“The model that we use is novel and innovative. The challenges that our food systems face today require new ways of thinking. They require partnerships. As researchers, we need to collaborate with stakeholders to ensure that the research we produce is relevant and meets the stakeholders’ needs. The FSNet-Africa model aims to draw on partnerships with stakeholders to create and design research that is relevant and can inform policymakers how to transform the African food system,”
Prof Kehinde also called for the need to bridge the gap between University Researchers and Scientists at the National Research Institute with a view to enhancing research outputs in the agricultural value chain which will ensure food security in the country. Prof Kehinde also acknowledged his University’s role in all this.
“Our University should also continue to develop human capacity and materials resources in biotechnology which should be deployed towards promoting agricultural research and food production in our catchment areas.”
“In developing markets we can’t treat the environment as a secondary concern to development. This line of thinking shows a lack of understanding of what’s at stake.
People must understand that the issues they would rather prioritise are connected to the sustainability question. To create proper infrastructure and create a thriving economy, developing countries must embrace sustainability.
The issues of sustainability cannot be postponed and that’s why at the University of Pretoria we want to be a transdisciplinary institution. We want to explore how things interconnect and not see things in silos. The silo mentality breeds blind spots that often lead to mistakes and oversights.”
“South Africa’s failure to supply clean water and sanitation is human-made. It is caused by our inability to elect fit and proper people to govern.
Our leadership core is too monolithic and lacks critical skills such as engineering, planning, and understanding of the political economy. Political conversations in South Africa revolve around nationalisation, appropriation, and monopoly capital.”
According to Sue Snyman, a research director at SOWC its all about seeking alternative livelihoods for people.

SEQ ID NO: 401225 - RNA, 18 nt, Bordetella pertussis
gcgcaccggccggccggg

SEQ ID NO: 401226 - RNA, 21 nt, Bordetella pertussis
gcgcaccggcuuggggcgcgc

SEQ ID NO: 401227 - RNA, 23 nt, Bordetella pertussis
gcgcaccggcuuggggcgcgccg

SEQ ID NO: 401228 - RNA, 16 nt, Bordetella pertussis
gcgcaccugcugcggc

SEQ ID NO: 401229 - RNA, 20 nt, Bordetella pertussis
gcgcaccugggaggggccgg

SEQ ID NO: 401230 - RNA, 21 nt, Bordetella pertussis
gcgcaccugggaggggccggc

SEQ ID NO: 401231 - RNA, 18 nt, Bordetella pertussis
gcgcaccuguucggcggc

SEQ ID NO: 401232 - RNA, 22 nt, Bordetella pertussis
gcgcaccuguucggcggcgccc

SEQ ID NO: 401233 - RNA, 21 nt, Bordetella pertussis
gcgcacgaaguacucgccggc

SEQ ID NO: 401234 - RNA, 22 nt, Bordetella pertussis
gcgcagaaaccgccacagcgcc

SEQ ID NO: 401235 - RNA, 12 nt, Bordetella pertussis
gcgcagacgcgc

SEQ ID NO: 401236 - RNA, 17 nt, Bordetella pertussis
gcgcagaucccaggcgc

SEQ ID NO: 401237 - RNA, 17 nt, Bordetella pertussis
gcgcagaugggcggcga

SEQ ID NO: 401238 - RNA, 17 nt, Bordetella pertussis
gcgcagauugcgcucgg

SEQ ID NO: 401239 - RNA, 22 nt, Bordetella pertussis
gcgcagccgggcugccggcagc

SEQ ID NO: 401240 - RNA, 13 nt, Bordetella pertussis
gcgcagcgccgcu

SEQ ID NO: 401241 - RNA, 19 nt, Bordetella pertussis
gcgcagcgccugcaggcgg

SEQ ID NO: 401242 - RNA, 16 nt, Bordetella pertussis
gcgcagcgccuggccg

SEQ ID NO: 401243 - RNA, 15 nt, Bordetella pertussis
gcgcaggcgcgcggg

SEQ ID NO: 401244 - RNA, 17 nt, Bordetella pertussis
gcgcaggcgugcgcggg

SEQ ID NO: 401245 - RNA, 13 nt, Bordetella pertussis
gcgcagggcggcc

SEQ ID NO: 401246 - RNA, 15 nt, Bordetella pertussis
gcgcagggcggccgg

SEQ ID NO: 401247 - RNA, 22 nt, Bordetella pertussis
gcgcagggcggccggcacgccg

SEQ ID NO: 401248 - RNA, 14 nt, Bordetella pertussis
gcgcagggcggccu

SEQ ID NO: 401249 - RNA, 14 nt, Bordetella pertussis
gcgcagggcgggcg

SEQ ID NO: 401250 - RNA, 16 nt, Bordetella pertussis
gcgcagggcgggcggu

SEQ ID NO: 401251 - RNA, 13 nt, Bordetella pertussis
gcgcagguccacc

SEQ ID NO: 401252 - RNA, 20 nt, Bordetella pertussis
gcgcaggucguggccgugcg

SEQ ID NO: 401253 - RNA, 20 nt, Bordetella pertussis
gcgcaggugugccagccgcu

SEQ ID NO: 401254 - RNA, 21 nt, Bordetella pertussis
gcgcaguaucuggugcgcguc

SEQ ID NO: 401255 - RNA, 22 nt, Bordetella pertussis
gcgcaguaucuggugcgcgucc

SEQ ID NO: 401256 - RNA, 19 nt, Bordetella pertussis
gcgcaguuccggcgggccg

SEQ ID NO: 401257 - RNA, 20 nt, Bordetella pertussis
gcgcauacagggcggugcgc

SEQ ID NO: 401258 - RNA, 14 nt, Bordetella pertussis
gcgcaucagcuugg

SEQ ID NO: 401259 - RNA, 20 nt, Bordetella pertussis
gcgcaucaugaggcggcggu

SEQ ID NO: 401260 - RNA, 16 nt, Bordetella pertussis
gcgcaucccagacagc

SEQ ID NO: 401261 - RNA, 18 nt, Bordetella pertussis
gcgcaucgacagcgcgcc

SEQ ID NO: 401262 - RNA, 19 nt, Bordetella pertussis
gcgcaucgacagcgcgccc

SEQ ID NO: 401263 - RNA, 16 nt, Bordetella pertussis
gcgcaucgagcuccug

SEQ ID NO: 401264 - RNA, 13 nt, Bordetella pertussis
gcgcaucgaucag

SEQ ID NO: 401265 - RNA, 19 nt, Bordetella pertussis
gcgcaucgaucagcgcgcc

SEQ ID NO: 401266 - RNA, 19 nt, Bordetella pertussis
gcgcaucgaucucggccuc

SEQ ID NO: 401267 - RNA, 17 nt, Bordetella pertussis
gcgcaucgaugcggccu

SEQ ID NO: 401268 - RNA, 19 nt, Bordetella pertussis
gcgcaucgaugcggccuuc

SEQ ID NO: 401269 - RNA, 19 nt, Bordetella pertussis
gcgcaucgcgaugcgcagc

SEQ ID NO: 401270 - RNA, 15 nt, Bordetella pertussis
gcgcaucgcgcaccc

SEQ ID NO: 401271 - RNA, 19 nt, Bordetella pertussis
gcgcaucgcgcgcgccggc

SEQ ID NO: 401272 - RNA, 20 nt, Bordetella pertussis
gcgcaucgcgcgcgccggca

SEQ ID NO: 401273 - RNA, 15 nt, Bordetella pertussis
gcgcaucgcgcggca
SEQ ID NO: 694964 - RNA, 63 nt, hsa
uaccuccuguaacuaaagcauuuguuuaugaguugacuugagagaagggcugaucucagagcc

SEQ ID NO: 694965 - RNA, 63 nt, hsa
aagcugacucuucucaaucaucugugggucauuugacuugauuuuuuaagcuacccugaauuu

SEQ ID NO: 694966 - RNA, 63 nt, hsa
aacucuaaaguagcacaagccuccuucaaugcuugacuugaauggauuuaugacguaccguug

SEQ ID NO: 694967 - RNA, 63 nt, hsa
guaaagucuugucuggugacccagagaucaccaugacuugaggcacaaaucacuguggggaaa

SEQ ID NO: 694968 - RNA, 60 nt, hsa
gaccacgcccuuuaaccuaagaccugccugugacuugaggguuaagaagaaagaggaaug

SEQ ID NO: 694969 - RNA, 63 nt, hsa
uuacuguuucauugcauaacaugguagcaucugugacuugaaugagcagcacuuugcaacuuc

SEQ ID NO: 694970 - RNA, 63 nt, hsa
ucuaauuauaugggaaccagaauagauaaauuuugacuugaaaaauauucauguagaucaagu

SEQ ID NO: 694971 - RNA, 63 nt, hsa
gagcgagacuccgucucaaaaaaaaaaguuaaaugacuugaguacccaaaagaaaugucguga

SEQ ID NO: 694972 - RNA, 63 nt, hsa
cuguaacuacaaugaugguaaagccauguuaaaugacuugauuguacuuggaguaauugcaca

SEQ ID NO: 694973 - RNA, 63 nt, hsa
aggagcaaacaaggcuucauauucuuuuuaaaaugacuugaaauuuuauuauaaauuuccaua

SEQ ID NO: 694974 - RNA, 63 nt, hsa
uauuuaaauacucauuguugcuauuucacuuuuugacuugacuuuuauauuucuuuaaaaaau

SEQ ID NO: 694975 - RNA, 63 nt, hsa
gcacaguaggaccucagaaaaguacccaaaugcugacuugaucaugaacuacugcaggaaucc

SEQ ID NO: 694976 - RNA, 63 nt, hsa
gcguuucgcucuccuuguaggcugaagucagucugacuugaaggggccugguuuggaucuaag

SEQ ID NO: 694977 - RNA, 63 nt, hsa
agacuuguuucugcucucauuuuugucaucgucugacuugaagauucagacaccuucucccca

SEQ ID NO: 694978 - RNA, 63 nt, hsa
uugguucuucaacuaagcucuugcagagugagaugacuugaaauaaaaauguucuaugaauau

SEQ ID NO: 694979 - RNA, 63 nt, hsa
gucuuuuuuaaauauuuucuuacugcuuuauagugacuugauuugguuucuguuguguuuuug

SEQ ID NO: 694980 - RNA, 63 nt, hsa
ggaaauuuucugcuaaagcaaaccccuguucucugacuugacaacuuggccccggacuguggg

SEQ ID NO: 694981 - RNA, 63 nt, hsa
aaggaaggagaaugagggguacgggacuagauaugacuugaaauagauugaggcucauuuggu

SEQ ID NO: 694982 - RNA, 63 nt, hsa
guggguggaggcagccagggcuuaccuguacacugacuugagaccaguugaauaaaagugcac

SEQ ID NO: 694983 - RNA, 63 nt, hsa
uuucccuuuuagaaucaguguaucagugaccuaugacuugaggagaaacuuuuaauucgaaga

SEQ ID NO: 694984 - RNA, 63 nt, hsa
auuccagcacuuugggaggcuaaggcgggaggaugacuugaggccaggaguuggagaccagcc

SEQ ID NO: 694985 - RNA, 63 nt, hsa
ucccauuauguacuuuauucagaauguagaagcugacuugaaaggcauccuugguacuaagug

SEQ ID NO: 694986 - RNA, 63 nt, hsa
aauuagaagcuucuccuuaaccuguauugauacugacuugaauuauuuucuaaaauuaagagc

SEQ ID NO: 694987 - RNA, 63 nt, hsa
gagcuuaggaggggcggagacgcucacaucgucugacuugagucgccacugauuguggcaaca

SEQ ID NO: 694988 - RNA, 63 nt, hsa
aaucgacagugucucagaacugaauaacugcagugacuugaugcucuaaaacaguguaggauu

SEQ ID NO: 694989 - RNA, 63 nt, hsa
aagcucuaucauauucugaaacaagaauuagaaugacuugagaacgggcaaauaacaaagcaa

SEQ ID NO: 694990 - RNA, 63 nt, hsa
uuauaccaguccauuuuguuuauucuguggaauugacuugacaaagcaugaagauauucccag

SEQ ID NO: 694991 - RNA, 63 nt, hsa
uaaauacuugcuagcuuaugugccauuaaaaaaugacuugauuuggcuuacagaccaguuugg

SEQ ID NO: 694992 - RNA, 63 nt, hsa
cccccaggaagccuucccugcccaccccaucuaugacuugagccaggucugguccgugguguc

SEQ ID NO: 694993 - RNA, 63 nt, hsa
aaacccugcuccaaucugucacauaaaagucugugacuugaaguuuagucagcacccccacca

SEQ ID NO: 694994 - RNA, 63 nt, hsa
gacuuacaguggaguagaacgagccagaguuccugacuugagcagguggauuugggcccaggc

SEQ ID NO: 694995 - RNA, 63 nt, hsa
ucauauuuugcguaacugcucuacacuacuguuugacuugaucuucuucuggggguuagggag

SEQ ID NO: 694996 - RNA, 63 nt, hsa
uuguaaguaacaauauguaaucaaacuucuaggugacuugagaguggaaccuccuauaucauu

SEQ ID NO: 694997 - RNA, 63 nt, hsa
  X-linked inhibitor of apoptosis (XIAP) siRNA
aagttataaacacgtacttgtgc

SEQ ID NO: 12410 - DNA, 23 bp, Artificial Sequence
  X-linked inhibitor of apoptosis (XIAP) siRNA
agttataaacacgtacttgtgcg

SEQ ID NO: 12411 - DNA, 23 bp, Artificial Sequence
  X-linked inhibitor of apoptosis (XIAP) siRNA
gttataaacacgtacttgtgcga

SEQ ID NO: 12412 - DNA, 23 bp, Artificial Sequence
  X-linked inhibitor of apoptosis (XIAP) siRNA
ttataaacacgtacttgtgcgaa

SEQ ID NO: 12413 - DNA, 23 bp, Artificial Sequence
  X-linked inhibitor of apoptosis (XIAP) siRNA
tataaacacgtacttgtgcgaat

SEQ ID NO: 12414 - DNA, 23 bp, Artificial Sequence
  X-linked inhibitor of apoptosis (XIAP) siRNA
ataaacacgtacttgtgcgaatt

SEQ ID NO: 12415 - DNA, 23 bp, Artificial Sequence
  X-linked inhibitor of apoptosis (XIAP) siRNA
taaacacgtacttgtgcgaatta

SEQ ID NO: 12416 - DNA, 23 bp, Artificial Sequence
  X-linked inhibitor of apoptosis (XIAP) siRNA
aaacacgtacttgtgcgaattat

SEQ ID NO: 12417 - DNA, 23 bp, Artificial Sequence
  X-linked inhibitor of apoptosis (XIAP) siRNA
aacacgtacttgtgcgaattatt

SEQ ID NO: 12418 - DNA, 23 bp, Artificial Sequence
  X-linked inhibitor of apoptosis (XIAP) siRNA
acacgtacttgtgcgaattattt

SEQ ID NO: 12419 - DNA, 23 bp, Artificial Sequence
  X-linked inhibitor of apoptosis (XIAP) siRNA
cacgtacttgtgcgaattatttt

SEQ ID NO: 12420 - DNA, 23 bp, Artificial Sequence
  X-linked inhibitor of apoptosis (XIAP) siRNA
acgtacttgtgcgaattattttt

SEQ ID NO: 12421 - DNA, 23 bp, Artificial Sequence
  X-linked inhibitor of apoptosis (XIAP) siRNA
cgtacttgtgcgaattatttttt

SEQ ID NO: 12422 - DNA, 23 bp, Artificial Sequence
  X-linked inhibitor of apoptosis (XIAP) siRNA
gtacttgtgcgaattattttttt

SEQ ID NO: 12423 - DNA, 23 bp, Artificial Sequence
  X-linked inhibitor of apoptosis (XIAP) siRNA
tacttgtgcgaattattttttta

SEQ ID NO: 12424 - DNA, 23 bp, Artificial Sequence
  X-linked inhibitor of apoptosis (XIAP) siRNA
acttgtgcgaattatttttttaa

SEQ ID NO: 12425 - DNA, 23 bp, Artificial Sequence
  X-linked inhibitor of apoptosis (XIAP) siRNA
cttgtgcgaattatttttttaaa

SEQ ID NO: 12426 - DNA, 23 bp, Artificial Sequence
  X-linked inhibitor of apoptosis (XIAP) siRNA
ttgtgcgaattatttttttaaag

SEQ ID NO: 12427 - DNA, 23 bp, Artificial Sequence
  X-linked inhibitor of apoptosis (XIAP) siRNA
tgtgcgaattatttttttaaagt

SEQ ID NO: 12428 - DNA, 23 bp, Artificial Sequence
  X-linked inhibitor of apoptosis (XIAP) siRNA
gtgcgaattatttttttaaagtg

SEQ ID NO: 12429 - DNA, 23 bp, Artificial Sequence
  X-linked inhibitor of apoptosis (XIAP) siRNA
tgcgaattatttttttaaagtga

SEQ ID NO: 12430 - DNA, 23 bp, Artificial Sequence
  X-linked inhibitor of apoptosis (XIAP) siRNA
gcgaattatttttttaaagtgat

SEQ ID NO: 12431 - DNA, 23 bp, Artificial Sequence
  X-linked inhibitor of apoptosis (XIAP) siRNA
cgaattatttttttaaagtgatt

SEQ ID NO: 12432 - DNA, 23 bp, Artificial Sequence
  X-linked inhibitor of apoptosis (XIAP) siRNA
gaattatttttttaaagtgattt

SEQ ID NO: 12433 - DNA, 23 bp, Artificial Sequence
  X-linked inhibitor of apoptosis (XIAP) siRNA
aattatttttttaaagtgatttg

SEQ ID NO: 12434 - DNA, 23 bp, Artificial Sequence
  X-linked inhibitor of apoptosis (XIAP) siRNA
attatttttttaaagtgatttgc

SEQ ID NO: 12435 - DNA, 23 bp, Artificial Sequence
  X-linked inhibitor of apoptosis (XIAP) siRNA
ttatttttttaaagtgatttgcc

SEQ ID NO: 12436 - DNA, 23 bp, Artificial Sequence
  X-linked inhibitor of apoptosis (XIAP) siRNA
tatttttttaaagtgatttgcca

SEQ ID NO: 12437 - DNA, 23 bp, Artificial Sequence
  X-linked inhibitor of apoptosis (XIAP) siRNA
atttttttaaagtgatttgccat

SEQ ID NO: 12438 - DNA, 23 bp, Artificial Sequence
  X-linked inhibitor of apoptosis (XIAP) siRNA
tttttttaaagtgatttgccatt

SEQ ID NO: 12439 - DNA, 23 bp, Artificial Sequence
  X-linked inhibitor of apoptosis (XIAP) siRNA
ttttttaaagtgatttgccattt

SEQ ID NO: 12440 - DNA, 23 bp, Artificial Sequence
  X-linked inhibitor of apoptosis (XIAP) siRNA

“For me, the key is diversification. Not relying on one thing. People have been going on about alternative livelihoods for 20 years — but I still haven’t seen one working in the field. Except maybe beekeeping.”
The University of Pretoria has partnered with Dr. Sam Motsuenyane Rural Development Foundation to help provide the attention and expertise needed to alleviate poverty in rural communities in South Africa.
To advance this Professor Barend Erasmus, Dean of the Faculty of Natural and Agricultural Sciences (NAS) at UP, called for the forging of deep meaningful relationships.
“Deep, meaningful relationships, a nuanced understanding of rural development challenges and the appropriate mix of technical expertise and community reach are key success elements for rural development partnerships.
Land degradation, triggered by unsuitable farming practices in the face of climate change, can be halted and degraded lands restored to increased productivity – NAS has the expertise to do so, and has demonstrated this capability to other land owners. We look forward to doing so again with the Foundation, to the benefit of our rural communities, and as a flagship success of how universities and communities can partner for a better future.”
“The global food system has become increasingly homogenous, with less than 30 plant species accounting for more than 95% of human food needs. Part of my research has a strong focus on indigenous food plants, especially vegetables, and understanding the physiological mechanisms that enable these plants to adapt to sometimes extreme environmental conditions drought.
Incorporation of underutilised crop species in food systems has several potential benefits, including better adaptability to local environments in a changing climate and improved food and nutrition security,”
Despite their major contributions, informal reclaimers are often excluded from decisions on waste management practices, as well as from attempts to engage communities in curbside recycling programmes.
“Informal reclaimers have very little control over the earning potential from this activity. They can control their work hours and try to arrive early on the landfill or streets, but in the end, they are price takers and can only earn in terms of the weight of collectables. Using trolleys is the one thing that enables reclaimers to earn a higher income. Attempts to established cooperatives for reclaimers were more often than not doomed, with most cooperatives folding.
Participatory decision-making is a far better option. Furthermore, the role of buy-back centres as the link between the formal and informal recycling sectors is also often overlooked in policies and action plans pertaining to recycling in general.”
NWU’s Prof Nico Smit says their collaboration was motivated by South Africa’s high output of platinum group elements that might harm the enviroment.
“As with all intensive mining activities, there are always the potential that these activities can result in metal pollution in nearby rivers, thus a proper monitoring mechanism is needed to serve as an early warning tool.”